Once a year in the Balinese calendar the youth of an area in Gianyar regency come together in a temple to celebrate a ‘festival of colors’. Not just any colors, but colors put onto their bodies.
It’s a bit carnival and a bit religious festival.
Let’s see some pictures first:
The meaning of Ngerebek
As everything in the life of Balinese people, there is a religious component to this. However, what I have witnessed is that the colorful boys leave it up to the adults to do the religious part.
For the boys, themselves this is much more about showing off and having fun.
There is no age limit but the majority of the participants are primary school children from around 6 years up to 12 years. But also, teenagers participate.
But no girls seem to be allowed! Why it’s like that, nobody could explain to me. The girls are not excluded from the event itself though. They also come to the temple and have fun there. Often mingling with their male counterparts. But none of the girls have any body-painting applied or wear any ‘fancy clothes’.
For the boys, the fun starts at late morning when they have their bodies painted. Applying the paint takes between 20 minutes and an hour, depending on the complexity and the design used.
When I asked what kind of paint is used here I was in for a surprise. Just normal wall-paint. Which happens to wash off easily, I was told.
The rules of ‘engagement’
For the style of body paint itself, there are no rules – everything goes. What I witnessed though are two different approaches. One being the ‘herd approach’ whereby a bunch of kids get the same body paint and wear the same clothes. Usually groups of 3 to 8 boys.
And then there is the ‘individual’ approach. That is when one boy comes up with his own ideas as to what he wants to look like. If the idea originates from the boy himself or someone else is secondary. The primary objective is to stand out and not to be like others.
The boys then congregate and descend onto the village temple.
Upon entering the temple, they proudly parade their colorful body paint and often ‘funny cloth’ in front of the temple. Once in the temple, they seem not to engage in any religious pursuit or any other particular activity rather than just ‘hanging out’.
Parading, showing off, hanging out and having fun…
Exactly the kind of things young males are about.
In a wider sense, this whole event is a little bit like a carnival. Although on a much smaller scale. There are no more than 200 – 300 boys participating.
When I asked about the meaning of this tradition I got various differing and inconsistent explanations.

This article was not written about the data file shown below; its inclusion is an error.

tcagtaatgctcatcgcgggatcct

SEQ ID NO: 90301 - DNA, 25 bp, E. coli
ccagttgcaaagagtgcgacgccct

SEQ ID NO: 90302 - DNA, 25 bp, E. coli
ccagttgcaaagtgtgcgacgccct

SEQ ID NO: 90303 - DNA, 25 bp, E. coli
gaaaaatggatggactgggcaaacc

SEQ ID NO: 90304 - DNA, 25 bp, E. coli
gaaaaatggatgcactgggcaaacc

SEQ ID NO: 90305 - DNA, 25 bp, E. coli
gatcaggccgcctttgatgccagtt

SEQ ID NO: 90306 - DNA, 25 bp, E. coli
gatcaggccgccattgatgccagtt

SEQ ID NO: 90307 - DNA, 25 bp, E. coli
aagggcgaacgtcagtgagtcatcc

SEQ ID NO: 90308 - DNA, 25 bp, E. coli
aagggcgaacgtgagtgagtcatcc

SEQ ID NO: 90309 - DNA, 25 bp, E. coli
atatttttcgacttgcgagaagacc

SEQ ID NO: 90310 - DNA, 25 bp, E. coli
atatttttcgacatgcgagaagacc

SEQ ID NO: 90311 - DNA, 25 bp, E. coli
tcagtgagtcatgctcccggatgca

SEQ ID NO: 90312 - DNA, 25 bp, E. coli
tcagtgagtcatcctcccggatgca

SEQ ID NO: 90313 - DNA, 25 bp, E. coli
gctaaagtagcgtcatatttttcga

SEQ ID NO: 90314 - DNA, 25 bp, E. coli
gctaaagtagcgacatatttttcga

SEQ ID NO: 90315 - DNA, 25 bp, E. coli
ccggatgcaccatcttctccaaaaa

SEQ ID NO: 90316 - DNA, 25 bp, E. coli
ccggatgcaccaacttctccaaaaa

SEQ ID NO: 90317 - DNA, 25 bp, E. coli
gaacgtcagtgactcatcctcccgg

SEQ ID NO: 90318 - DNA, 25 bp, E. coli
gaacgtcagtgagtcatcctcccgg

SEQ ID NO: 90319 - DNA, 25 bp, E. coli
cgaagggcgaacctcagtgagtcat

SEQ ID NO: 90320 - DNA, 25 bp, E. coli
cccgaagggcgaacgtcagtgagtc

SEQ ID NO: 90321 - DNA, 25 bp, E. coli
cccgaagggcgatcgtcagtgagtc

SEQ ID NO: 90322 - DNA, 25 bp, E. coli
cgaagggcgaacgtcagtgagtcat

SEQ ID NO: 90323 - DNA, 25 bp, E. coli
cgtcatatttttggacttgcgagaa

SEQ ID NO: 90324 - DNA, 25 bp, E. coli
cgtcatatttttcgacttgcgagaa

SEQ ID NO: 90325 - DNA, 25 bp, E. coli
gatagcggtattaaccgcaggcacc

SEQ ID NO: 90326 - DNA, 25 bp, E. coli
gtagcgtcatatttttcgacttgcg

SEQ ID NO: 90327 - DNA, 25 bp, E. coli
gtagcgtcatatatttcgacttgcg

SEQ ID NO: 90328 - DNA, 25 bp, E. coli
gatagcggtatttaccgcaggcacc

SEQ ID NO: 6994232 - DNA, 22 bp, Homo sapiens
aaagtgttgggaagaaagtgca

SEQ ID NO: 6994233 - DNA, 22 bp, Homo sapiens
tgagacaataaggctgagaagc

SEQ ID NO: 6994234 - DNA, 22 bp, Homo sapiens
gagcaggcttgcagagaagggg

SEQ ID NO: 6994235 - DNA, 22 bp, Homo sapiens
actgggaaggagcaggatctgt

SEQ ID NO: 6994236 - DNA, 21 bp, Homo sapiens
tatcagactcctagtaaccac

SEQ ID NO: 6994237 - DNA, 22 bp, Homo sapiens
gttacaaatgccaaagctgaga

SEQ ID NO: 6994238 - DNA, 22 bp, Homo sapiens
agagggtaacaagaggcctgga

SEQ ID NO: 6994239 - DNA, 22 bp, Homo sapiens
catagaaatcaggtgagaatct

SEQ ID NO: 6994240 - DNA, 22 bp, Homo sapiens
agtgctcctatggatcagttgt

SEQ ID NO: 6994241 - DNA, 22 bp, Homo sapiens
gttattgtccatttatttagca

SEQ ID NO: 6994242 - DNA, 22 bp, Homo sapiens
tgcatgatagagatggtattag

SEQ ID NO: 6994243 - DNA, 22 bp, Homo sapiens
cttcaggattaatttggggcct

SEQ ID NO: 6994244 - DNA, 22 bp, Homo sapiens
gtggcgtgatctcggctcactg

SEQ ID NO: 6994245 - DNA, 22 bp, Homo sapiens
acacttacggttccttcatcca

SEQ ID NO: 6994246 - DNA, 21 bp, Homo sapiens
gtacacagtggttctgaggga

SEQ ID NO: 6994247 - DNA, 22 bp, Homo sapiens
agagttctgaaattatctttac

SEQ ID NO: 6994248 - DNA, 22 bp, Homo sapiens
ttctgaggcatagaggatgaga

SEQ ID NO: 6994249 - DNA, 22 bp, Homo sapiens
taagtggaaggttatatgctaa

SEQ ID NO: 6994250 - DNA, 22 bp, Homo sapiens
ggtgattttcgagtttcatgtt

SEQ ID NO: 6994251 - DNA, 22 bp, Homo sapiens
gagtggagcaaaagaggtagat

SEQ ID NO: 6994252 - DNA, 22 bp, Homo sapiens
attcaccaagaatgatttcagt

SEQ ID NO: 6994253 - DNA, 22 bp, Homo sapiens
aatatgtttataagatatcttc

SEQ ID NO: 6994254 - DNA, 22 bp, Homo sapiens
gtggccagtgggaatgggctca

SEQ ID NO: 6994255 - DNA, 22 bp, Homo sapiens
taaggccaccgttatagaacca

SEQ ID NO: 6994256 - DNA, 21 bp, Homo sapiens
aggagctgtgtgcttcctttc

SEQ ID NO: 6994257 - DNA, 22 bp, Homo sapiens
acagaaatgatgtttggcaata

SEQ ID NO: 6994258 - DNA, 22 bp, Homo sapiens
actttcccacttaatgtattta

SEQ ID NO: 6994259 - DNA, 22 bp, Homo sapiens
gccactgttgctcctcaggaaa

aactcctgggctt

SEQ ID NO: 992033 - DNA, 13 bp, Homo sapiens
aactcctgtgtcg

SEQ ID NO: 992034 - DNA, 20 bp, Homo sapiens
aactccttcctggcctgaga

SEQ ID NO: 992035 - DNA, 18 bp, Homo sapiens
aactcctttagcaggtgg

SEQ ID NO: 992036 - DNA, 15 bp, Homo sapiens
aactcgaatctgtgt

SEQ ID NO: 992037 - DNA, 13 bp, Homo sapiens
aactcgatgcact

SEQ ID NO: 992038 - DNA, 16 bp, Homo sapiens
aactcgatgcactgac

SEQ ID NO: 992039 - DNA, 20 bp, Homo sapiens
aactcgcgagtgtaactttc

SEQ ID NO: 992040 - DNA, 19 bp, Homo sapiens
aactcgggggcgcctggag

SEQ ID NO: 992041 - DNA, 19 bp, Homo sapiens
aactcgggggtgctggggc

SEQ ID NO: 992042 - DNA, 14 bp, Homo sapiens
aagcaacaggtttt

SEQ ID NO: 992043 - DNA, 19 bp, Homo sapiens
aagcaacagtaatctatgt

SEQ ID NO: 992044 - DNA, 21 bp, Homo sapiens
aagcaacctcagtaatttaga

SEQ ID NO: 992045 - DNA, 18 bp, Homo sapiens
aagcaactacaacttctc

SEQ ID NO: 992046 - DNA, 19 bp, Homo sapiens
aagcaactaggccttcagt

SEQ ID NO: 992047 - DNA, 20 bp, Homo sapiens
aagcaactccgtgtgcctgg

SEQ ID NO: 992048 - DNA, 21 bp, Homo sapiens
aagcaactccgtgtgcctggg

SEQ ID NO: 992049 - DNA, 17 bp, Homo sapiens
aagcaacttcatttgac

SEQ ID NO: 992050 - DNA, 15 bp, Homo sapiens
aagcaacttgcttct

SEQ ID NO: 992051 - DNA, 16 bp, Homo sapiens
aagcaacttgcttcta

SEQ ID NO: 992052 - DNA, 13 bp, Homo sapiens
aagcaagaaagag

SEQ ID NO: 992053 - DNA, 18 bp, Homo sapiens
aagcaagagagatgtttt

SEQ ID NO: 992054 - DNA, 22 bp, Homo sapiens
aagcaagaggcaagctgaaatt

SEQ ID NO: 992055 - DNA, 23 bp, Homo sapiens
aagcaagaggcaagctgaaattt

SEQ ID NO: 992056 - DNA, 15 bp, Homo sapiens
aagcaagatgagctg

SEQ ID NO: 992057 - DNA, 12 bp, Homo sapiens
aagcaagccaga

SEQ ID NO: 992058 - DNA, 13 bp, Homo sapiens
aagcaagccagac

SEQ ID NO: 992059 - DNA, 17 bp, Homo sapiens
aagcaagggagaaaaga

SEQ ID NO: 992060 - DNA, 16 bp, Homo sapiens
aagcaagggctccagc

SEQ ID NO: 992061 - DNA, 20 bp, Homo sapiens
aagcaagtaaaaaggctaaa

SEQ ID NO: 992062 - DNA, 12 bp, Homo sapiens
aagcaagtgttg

Also, the religious significance of this tradition cannot be of very high importance because this tradition is only carried out in one particular village in Bali.
All this has led me to believe that this is just another occasion for young boys to have fun.
And could there be any better reason than that ?
I brought a couple of cameras to the event. On one side my Sony A7 R II and also my super zoom monster the Canon SHX 50. And of course also my Panasonic LX 10.
I hardly used SHX 50 because I never had difficulties to get close to the action. The LX 10 was pretty useful because I could work somewhat ‘stealthy’.
On the Sony A7 R II I had mounted first the manual focus ‘semi vintage’ Helios 44-2 / a 58 mm lens from Russia famous for its ‘swirly bokeh’ I did not get an swirly bokeh on that day but I was amazed about how well such a cheap lens performs. FYI: this lens is less than 40 USD…
Upon entering the temple I exchanged the Helios for ILOWA 105 – a very special lens which I so far had very little opportunity to try out. However, I somewhat regretted putting on the 105 coz 105 mm was simply a too long lens for this occasion.
If you come to photograph this event and you can only bring one camera I would recommend for you to bring a zoom lens such as 24-70mm or a 24-105mm.
If you plan to come and also photograph those colorful boys come soon… The number of photographers is still ‘reasonable’ and most of them are locals. But I suspect that in coming years more and more tourists and photographers will be drawn to this event.
Please note that in order to enter the temple you will need to be dressed in Balinese attire and you will need to comply with the code of conduct while you are in the temple.
I hope you have enjoyed this series of photographs from the Ngerebek celebrations in Bali.
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